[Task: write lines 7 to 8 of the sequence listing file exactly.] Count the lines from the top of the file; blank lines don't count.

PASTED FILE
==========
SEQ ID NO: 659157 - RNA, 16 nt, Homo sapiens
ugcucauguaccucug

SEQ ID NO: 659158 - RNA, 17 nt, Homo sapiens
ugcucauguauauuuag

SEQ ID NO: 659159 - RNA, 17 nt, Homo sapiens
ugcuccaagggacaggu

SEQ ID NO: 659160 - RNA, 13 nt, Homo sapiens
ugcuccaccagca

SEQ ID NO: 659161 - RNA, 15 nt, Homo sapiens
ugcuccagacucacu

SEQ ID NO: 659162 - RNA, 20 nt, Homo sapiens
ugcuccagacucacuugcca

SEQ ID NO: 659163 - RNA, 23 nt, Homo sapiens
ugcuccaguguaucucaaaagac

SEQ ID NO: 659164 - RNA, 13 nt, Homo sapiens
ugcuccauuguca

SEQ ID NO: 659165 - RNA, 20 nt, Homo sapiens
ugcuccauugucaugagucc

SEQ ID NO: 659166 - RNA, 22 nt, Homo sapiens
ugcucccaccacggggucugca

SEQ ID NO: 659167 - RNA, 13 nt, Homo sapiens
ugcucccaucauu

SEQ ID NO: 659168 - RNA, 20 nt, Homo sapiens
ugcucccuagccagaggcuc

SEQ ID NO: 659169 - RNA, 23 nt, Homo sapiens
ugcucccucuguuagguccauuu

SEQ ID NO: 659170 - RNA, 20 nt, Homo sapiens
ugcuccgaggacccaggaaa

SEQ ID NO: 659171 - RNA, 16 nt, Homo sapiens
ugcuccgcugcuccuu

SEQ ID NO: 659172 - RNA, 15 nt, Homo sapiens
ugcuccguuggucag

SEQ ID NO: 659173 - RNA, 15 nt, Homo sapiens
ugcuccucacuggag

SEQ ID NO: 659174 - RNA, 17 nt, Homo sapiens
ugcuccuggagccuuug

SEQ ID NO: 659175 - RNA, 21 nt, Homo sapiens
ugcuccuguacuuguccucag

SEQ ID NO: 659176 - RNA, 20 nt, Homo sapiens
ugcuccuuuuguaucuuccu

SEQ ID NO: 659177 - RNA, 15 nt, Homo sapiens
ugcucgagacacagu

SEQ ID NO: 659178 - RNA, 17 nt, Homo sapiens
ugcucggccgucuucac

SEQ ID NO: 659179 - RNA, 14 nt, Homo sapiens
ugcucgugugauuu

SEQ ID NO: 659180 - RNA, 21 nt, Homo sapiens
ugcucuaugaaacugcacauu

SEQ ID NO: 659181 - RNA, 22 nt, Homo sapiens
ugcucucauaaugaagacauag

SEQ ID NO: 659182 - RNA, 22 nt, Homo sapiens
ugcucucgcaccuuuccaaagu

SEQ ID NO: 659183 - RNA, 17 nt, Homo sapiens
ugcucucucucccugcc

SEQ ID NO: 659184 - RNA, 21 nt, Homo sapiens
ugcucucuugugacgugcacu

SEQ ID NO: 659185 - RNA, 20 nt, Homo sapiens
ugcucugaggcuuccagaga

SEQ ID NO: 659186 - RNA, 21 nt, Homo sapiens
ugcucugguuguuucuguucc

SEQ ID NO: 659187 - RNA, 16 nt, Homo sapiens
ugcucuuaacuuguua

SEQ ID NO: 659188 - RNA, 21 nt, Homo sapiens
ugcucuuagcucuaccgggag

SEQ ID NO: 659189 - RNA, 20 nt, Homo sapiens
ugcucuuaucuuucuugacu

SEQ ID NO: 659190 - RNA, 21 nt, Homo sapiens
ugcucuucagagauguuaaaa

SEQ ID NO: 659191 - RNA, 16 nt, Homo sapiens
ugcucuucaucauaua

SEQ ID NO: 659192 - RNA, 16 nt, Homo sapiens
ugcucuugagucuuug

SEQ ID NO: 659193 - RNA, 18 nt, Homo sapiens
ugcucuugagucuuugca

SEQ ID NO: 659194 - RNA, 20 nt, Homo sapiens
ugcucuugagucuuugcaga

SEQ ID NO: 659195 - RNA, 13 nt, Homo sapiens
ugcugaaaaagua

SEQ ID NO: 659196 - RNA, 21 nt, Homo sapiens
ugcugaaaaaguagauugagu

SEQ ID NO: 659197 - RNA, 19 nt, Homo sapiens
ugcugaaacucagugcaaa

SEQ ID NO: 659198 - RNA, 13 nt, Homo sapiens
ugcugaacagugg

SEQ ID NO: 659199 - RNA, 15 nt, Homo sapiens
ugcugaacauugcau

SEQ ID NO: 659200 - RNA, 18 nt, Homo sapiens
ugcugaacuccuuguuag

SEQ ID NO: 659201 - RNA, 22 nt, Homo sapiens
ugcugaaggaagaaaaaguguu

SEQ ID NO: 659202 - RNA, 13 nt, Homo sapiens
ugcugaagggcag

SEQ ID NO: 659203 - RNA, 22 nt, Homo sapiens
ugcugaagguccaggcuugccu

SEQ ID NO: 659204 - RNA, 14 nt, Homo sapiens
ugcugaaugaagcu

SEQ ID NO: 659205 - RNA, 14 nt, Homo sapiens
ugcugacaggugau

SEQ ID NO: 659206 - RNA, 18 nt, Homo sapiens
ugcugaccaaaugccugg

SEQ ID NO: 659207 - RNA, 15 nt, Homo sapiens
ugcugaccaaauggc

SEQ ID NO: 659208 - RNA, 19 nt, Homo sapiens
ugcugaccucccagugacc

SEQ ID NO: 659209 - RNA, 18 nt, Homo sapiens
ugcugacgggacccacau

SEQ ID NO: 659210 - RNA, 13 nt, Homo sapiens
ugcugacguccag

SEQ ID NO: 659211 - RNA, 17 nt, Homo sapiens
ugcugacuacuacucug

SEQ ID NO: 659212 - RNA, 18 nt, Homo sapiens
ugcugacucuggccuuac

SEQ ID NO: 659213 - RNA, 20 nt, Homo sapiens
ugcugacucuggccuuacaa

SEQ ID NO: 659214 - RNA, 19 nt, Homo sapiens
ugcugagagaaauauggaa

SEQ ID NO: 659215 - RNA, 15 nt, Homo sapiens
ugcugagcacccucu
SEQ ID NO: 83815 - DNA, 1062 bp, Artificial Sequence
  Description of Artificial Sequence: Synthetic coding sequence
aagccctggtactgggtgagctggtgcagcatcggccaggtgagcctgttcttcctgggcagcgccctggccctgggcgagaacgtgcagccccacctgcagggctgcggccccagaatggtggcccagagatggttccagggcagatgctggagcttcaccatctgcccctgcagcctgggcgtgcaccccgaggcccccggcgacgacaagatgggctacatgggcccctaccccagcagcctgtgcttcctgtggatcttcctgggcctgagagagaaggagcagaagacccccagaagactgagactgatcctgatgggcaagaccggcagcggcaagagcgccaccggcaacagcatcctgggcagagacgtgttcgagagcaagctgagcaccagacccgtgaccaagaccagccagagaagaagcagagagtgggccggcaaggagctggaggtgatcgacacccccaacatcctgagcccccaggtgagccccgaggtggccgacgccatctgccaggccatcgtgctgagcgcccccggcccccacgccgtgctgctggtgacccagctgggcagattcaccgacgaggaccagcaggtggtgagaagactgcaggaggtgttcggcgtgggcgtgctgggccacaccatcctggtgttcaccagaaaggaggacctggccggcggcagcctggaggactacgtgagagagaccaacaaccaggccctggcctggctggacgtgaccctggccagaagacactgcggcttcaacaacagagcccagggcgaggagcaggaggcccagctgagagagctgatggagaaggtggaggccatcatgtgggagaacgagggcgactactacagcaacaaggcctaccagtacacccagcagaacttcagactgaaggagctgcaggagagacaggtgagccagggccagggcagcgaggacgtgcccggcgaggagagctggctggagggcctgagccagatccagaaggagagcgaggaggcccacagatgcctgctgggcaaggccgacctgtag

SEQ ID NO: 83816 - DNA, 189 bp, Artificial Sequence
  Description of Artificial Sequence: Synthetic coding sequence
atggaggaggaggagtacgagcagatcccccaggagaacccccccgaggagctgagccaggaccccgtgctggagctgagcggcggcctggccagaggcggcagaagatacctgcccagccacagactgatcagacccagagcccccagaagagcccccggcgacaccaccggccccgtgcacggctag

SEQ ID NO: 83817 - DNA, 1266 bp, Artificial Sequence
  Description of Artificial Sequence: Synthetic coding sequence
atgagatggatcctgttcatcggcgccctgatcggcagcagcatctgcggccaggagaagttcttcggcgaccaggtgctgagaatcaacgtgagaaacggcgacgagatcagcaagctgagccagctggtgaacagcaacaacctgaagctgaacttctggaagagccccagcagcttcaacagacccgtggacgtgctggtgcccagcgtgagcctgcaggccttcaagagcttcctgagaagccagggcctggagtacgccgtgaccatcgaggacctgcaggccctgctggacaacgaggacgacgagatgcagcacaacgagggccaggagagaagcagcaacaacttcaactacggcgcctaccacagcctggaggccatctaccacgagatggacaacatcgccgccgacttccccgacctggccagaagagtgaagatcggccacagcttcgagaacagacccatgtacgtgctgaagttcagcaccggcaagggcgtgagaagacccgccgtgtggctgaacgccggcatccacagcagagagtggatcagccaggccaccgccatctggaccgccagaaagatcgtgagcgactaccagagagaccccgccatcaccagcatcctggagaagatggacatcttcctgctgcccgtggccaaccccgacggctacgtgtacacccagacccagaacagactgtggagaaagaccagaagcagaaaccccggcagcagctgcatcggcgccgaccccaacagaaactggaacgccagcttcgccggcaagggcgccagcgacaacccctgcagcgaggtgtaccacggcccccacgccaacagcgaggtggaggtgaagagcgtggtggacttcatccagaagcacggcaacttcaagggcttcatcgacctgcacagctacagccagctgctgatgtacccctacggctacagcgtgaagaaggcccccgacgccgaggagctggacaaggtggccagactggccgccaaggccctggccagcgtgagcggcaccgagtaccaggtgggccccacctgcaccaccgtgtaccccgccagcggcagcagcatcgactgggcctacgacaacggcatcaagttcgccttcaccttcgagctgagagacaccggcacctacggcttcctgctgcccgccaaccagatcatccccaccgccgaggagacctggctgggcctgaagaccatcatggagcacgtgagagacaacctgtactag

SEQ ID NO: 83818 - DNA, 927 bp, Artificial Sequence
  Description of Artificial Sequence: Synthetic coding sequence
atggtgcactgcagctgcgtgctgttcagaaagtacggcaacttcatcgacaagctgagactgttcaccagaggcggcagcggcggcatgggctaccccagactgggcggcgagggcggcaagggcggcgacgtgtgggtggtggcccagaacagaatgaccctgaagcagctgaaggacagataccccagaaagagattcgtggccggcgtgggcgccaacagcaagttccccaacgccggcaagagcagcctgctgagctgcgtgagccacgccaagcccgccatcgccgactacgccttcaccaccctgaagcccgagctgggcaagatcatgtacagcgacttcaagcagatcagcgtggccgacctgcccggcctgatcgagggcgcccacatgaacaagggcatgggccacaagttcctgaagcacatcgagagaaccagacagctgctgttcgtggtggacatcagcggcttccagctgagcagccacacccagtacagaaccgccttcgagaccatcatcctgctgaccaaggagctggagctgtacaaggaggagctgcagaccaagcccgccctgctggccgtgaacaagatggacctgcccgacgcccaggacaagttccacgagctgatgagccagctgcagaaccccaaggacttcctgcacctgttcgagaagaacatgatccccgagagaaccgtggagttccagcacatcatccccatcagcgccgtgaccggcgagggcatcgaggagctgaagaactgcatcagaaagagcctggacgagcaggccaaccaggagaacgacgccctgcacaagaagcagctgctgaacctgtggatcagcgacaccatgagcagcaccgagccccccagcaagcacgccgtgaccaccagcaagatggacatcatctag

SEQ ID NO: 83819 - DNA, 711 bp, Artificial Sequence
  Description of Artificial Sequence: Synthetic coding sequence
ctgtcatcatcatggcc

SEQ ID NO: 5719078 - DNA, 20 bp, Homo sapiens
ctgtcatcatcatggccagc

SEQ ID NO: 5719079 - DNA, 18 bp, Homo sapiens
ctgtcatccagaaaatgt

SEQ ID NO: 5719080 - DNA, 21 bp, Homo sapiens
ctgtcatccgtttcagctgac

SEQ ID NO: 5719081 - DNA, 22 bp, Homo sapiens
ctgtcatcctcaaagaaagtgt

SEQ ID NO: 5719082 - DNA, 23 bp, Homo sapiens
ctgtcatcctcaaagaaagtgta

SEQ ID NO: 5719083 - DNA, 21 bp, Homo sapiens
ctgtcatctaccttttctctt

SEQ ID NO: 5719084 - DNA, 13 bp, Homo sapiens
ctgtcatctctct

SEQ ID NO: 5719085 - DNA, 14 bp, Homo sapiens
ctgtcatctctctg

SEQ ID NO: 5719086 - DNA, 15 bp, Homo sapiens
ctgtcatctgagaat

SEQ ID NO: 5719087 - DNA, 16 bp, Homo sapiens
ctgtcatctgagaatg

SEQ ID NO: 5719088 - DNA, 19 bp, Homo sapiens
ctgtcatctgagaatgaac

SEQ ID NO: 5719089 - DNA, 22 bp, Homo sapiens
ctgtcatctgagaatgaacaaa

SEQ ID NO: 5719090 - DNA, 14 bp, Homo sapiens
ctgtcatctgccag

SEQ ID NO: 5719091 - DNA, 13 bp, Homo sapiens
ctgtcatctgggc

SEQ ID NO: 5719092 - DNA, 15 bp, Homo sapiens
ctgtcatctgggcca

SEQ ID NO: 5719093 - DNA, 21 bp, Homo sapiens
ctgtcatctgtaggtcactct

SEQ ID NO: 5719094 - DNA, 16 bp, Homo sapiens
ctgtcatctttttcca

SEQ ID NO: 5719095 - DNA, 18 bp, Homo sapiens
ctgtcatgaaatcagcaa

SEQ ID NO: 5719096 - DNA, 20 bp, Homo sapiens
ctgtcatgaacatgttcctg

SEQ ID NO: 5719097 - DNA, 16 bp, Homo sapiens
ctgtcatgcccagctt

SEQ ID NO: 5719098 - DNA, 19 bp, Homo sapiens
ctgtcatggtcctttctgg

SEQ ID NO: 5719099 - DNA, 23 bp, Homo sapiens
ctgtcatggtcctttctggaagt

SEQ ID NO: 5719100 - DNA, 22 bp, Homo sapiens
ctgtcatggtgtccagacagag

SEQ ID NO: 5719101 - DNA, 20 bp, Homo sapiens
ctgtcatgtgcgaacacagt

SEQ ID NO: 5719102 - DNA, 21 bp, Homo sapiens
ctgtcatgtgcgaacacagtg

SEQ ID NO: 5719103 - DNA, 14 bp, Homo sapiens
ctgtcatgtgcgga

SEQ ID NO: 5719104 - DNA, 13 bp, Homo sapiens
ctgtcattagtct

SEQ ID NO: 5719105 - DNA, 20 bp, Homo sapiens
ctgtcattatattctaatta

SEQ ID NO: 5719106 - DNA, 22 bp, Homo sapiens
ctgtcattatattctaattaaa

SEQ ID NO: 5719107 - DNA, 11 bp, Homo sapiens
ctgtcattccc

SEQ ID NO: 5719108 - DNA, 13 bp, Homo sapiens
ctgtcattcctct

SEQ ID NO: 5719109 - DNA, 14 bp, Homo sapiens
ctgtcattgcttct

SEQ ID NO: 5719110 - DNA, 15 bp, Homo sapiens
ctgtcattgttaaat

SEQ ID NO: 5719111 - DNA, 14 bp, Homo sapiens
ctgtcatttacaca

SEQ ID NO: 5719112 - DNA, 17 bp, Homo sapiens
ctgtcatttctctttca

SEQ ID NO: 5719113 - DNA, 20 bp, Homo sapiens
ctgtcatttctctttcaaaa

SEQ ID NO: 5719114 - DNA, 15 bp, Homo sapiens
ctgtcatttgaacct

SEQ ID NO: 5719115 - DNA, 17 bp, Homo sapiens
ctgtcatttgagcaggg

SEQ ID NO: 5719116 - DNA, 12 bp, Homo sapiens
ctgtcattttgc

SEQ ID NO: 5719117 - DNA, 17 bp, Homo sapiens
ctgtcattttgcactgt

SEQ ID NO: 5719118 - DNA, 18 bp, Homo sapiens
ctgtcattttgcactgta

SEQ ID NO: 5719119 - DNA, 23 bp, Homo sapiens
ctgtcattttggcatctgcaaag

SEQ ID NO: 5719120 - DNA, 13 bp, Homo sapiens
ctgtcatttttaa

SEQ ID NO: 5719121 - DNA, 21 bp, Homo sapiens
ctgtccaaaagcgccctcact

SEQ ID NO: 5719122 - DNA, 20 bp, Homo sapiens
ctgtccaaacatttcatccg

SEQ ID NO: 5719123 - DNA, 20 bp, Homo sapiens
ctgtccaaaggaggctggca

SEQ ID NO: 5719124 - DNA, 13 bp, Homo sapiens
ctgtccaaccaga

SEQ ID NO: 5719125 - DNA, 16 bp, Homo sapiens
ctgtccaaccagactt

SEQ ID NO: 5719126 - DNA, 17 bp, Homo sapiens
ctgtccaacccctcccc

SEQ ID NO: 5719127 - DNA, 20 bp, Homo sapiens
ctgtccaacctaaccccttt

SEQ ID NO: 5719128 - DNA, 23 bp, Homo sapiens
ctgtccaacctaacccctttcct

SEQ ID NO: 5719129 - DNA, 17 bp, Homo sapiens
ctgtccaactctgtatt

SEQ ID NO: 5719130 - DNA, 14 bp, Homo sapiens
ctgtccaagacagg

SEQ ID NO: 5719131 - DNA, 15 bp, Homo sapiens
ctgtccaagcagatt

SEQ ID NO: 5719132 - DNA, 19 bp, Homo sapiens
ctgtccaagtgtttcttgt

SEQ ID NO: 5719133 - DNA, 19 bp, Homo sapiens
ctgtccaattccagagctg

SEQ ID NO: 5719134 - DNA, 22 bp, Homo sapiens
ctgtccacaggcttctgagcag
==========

SEQ ID NO: 659160 - RNA, 13 nt, Homo sapiens
ugcuccaccagca